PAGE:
• Hisense H55B7500, the cheapest TV

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Credit: Hisense

With beautiful features and a contented fare, the Hisense B7500 proves to be an interesting proposition for those who want to enter the world of 4K without breaking the bank. Featuring a 10-bit VA slab that provides satisfactory contrast for an LCD, this TV is compatible with most HDR standards (including the HDR10 AND The Dolby Vision). It also adopts a beautiful design with a finish that exudes quality, much more than most competitors at this price level. On the defect side, we mainly deplore widely improved image treatments and limited Smart TV functions because of the brand’s home-made OS. Despite this, this B7500 offers a very good value for money, it’s a model to seriously consider if you are looking for a large 4K TV under the 500.

Our tips for choosing the right choice

How big?

The difference between Full HD and HD 720p was already not obvious on small image diagonals, it is even less so with Ultra HD. That’s why we recommend you opt for a slab of at least 55 inches. There then, the gain in pixels is palpable and the difference in dive noticeable. Investing in a larger size may be interesting but at the same price, you will most certainly perform better by choosing a smaller TV. It’s a personal choice.

What displays technology?

LCD LED, LCD QLED, OLED? If the former has the advantage of price, the third will offer you the best picture quality with unmatched contrast rate, bright colours, wide viewing angles and finer design. However, LCD slabs are not prone to screen burns, but they are less contrasting and often have homogeneity defects. The QLED, Samsung’s name for its high-end LED LDCs, suffers from the same defects but offers in return a brightness greater than that of OLED. Among LCDs, there are different types of slabs, we advise you to opt for VA or IPS, the first often offers more contrast but narrow viewing angles and the second less contrast but better viewing angles.

What image treatments?

The slab isn’t everything. TV must be good at image processing. The HDR will prove very useful for example, especially for entry/mid-range TVs. Be sure to take a TV that supports the HDR10 format at a minimum, and if possible HDR10 and Dolby Vision. Needless to say, you say that small brands are generally less effective in image processing and that some players like Panasonic or Philips are very reputable in this area (LG, Sony or Samsung also remain very good).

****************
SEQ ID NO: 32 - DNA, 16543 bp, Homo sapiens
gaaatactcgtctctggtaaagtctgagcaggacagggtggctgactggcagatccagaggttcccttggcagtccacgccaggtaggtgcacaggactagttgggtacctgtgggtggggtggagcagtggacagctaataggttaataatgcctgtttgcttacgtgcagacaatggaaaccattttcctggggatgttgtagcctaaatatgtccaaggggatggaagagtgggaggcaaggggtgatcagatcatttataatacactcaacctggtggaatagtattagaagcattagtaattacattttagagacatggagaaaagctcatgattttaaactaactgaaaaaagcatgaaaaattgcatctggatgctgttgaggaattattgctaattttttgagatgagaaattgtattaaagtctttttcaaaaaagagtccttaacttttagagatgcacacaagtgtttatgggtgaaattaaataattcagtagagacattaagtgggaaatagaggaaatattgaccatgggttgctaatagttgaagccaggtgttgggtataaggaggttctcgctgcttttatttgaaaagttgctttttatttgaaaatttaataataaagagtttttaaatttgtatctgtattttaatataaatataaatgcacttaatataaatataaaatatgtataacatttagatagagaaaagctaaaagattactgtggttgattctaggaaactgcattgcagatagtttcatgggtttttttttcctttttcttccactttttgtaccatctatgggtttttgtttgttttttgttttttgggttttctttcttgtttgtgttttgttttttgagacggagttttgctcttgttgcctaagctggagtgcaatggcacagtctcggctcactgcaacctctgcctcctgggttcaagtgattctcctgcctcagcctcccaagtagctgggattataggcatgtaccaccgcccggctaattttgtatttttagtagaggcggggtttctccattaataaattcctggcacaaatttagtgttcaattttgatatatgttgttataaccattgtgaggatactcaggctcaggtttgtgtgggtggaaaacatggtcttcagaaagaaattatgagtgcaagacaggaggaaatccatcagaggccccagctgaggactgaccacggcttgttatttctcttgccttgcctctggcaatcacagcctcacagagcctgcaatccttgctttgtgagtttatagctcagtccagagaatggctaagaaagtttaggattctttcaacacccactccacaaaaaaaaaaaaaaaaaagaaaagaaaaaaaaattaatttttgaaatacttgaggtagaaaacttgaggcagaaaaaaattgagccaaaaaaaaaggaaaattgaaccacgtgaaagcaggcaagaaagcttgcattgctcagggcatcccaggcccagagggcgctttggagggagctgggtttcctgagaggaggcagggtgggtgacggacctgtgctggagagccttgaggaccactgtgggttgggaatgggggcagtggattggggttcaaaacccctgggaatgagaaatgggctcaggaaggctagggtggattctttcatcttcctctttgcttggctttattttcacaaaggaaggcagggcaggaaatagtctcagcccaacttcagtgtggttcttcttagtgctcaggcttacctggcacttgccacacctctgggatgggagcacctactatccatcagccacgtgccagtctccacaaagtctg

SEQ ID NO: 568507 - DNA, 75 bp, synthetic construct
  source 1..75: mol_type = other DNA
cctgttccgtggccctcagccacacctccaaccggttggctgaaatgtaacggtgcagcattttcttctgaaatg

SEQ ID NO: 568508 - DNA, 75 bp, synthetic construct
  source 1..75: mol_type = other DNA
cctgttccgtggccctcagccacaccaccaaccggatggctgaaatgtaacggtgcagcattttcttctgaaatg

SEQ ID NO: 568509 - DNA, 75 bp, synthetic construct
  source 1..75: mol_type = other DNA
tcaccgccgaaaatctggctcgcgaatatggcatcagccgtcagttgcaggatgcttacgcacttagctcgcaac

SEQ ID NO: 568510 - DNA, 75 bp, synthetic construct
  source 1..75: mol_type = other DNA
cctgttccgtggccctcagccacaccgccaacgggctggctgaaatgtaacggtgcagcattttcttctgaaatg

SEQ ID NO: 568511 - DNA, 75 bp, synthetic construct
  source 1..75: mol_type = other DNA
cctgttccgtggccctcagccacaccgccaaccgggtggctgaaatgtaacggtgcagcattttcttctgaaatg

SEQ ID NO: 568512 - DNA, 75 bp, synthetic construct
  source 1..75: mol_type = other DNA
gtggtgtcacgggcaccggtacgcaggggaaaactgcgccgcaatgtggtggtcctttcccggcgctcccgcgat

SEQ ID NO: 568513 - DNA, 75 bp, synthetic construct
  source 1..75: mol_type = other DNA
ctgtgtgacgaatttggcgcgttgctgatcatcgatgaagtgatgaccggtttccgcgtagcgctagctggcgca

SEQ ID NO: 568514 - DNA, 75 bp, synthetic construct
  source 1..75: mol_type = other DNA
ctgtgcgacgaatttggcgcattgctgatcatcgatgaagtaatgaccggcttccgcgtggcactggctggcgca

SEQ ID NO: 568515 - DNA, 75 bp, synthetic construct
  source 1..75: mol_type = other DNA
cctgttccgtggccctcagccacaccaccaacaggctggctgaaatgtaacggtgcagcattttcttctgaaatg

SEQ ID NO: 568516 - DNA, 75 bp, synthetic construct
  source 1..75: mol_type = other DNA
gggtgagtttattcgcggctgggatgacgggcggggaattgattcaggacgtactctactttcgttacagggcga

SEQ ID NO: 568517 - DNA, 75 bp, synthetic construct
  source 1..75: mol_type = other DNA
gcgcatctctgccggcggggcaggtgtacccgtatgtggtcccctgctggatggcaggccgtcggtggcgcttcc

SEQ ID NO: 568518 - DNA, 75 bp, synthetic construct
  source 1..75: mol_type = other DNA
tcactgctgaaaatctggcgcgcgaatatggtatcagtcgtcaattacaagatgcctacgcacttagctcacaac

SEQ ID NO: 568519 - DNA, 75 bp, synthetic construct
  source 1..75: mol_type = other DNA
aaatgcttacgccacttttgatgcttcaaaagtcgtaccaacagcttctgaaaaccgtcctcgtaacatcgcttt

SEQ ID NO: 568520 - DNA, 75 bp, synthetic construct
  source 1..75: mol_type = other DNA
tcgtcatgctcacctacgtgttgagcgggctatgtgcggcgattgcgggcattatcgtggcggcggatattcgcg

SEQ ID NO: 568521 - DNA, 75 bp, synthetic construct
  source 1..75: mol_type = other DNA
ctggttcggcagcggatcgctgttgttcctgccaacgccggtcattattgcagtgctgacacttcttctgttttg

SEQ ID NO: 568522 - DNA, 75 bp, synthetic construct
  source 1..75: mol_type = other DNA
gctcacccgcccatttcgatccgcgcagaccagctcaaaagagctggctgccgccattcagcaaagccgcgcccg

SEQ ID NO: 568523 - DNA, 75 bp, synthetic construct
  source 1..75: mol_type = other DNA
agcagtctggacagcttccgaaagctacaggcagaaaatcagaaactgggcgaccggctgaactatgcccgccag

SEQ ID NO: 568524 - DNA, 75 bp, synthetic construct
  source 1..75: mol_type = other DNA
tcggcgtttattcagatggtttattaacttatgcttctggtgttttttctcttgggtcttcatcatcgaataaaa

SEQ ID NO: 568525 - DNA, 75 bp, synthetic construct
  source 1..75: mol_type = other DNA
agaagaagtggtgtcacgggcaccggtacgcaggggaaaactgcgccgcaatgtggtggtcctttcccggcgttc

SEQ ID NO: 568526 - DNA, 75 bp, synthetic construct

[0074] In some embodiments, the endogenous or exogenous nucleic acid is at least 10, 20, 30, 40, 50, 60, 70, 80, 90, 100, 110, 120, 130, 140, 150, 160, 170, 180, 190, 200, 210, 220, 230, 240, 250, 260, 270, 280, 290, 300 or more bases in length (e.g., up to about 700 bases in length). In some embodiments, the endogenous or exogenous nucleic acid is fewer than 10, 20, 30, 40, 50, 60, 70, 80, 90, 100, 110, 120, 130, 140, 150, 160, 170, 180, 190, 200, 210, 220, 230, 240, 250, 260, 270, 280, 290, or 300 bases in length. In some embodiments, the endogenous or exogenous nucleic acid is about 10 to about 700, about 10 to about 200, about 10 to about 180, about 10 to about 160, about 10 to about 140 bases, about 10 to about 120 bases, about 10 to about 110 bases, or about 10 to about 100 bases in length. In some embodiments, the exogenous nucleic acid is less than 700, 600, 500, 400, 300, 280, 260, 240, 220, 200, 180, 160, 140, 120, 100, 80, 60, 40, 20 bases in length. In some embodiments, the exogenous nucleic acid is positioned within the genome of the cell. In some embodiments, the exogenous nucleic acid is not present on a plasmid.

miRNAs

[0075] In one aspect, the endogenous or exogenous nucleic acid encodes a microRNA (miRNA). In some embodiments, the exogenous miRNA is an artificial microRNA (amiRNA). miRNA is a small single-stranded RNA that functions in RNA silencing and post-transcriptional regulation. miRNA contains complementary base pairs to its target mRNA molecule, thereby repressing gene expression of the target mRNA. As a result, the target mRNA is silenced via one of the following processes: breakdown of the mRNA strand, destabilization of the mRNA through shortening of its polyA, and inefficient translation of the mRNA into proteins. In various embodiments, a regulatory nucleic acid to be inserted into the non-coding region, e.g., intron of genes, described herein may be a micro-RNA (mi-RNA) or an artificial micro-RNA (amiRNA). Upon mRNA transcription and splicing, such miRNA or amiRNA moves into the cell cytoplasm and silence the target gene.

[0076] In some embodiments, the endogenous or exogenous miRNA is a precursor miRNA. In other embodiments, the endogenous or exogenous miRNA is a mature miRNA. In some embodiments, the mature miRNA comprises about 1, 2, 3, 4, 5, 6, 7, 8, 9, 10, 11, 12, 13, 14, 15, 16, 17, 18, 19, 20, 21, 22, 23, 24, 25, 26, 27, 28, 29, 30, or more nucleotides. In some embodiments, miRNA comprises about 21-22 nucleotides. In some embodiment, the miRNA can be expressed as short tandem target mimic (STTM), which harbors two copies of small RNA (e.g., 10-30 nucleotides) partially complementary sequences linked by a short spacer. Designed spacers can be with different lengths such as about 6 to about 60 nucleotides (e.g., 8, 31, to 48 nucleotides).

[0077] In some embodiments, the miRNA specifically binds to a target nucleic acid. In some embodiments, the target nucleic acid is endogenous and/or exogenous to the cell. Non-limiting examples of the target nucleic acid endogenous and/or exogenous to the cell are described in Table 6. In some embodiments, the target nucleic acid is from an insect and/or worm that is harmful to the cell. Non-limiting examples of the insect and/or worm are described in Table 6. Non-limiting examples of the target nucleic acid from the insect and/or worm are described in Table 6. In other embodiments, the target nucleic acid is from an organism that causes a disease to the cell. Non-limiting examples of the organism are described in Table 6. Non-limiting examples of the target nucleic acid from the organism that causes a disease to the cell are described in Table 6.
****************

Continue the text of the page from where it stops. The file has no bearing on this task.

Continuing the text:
What design?

The dressing, the shape of the foot, the finesse of the frame or the finishes are important. And then there are all the additional equipment and functions (connection, the presence of remote control with keyboard and/or pointer, voice control functions, etc.) that affect the price of the device as well as the user experience and the quality of use. Pay particular attention to the number of HDMI ports available (look at how many devices you intend to connect to the TV) and their functions (standard 2.0 or 2.1, CEC to control multiple devices with a single remote control, ARC to connect external audio equipment…). Note that Samsung offers on some QLED deported cases incorporating connectivity, this is a real plus.

Which operating system?

On the operating system side, the software that makes your TV smart or smart in English and allows you to browse menus as well as download apps like on a smartphone, we advise you to favour Android TV. This is because the app store is the largest on the market. However, Samsung, LG, and Panasonic’s home OS to a lesser extent also remain effective. Be aware that Smart TVs with small-label home-made OS often have only the name smart. However, there is a solution to make any TV truly smart: opt for an external android case or apple TV (your Internet box can also integrate Google’s OS which avoids the purchase of a second case).

What audio system?

Finally, in terms of sound, observe the power of the speakers, expressed in Watts, their size (the bigger, the better), their number, check the presence of a bass box but do not expect much. The sound of the built-in speakers is rarely incredible on TVs, you can choose a model with a built-in soundbar, it will probably be better, but we advise you especially if the audio quality is important for you to connect an external sound system.